Construction

Coronavirus: Losberger De Boer reports hike in Middle East enquires for mobile treatment systems

Systems are already in use to support efforts to combat COVID-19 in Italy

Losberger De Boer, a leading supplier of temporary structures, has reported a 50% increase in enquiries across the Middle East for rapid deployment systems, which can be used as mobile hospitals, isolation areas and/or decontamination systems.

In a statement, the company said its rapid deployment systems division is already supporting the efforts of medical professionals in Italy, in order to combat the country’s outbreak of COVID-19, where hundreds of tents have been installed to expand the country’s medical facilities.

The escalation of the pandemic has led to growing concerns that hospitals and medical facilities around the world may become overwhelmed. As public and private healthcare providers review their capacities and work with governments to formulate preparedness strategies, some are looking at how they can increase the number of patient beds, the statement added

Citing the example of China, where two hospitals were successfully built in Wuhan in less than two weeks, Tahar Zaouche, Losberger De Boer Middle East and Asia’s rapid deployment systems business development director, said that countries are currently sourcing similar solutions to ensure patients can be treated as part of their preparedness measures.

“Shortly after the reports of COVID-19 cases in the region, hospital and clinic operators began contacting us to find out what structures could be utilised in the fight against the pandemic. We have experienced a 50 per cent increase in enquiries for our temporary medical solutions so far, with more enquiries every day,” Zaouche said.

He pointed out that in 2014, the company had designed, developed and delivered interconnected textile vacuum cabins that were hermetically sealed with an isolated air supply and extraction system in just three weeks. The specialised medical system served as the world’s only evacuation facility for highly contagious patients during the Ebola outbreak.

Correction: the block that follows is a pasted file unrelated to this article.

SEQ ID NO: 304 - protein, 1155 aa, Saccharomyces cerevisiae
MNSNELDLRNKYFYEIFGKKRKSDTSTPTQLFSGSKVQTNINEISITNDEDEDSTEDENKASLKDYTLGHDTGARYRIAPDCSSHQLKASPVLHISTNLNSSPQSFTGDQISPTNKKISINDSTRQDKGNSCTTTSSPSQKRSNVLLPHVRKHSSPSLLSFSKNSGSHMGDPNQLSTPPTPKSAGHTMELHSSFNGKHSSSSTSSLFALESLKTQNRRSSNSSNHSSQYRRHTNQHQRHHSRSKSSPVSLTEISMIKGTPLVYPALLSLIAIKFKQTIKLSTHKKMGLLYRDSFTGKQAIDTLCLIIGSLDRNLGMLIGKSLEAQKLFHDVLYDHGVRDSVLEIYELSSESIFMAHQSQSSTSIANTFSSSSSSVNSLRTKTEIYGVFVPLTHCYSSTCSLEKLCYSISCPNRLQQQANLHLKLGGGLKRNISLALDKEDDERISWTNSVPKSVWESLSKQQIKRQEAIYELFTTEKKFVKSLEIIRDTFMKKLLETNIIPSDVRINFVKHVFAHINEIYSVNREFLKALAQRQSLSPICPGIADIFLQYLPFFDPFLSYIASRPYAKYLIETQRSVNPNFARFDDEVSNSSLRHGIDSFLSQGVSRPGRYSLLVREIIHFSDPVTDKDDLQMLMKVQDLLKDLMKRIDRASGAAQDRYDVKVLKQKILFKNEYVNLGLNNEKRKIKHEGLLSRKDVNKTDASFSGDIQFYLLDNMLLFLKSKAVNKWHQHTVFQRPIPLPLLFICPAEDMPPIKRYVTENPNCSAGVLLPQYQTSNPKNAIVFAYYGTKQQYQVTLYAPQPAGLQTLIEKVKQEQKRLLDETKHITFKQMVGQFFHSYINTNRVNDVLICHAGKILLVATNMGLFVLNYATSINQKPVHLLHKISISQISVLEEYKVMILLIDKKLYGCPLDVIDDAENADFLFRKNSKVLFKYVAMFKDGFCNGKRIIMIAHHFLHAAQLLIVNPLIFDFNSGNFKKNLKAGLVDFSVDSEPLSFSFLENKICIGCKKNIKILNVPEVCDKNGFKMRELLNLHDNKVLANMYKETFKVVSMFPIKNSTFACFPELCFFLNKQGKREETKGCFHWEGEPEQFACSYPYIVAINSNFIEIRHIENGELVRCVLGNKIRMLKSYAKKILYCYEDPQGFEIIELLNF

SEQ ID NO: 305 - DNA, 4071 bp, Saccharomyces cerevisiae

“Losberger De Boer is also one of the world’s largest suppliers of quick-to-build emergency accommodations with experience of supplying triage centres, hospital wards, isolation facilities and morgues to existing hospitals, local and national government authorities, major NGOs and the United Nations.

“We also support organisations who provide staff accommodation in situations where workforces or large numbers of people need to live in quarantine conditions. Fully functioning facilities can be operational within hours or days, depending on the solution and the situation,” Zaouche added, highlighting that the company’s inflatable TAG and TMM tents are ready to be used within minutes thanks to their inflatable frames.

These tents can be carried by hand and can be installed by a team of two people, using an electric inflator. The modular design of the tents ensures they can be connected to each other in any direction, with each configured to hold up to 50 people.

The inflatable tents can remain ‘in situ’ and operational for multiple months if required. Where longer-term solutions are required, Zaouche said the company’s modular isolation centre, which is a 600sqm structure large enough to accommodate multiple wards, waiting areas, laboratories and washroom facilities, can be utilised. These centres have adequate space available to ensure contagious patients can be isolated and treated without affecting patient flow within the hospital.

He added that Losberger De Boer also offers decontamination units which can be connected to its range of inflatable tents and modular units. These units can decontaminate up to 80 people divided into three parallel lines per hour and can be operational within one hour of delivery.

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